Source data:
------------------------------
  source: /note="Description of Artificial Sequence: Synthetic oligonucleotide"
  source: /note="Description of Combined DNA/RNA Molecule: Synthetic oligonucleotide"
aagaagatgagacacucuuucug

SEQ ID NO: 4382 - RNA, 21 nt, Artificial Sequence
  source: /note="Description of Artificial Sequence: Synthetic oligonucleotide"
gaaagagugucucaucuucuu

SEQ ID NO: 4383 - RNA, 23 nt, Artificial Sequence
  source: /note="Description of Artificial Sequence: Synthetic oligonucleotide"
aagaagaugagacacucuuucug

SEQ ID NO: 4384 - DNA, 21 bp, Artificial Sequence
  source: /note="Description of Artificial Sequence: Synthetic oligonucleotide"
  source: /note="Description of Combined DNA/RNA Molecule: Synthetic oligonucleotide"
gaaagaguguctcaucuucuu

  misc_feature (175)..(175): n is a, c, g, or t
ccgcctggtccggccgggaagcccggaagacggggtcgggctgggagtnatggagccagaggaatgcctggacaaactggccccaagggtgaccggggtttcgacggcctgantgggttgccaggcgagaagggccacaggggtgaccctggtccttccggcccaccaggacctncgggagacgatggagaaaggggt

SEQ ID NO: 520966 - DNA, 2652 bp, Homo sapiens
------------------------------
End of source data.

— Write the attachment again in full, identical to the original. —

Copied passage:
  source: /note="Description of Artificial Sequence: Synthetic oligonucleotide"
  source: /note="Description of Combined DNA/RNA Molecule: Synthetic oligonucleotide"
aagaagatgagacacucuuucug

SEQ ID NO: 4382 - RNA, 21 nt, Artificial Sequence
  source: /note="Description of Artificial Sequence: Synthetic oligonucleotide"
gaaagagugucucaucuucuu

SEQ ID NO: 4383 - RNA, 23 nt, Artificial Sequence
  source: /note="Description of Artificial Sequence: Synthetic oligonucleotide"
aagaagaugagacacucuuucug

SEQ ID NO: 4384 - DNA, 21 bp, Artificial Sequence
  source: /note="Description of Artificial Sequence: Synthetic oligonucleotide"
  source: /note="Description of Combined DNA/RNA Molecule: Synthetic oligonucleotide"
gaaagaguguctcaucuucuu

  misc_feature (175)..(175): n is a, c, g, or t
ccgcctggtccggccgggaagcccggaagacggggtcgggctgggagtnatggagccagaggaatgcctggacaaactggccccaagggtgaccggggtttcgacggcctgantgggttgccaggcgagaagggccacaggggtgaccctggtccttccggcccaccaggacctncgggagacgatggagaaaggggt

SEQ ID NO: 520966 - DNA, 2652 bp, Homo sapiens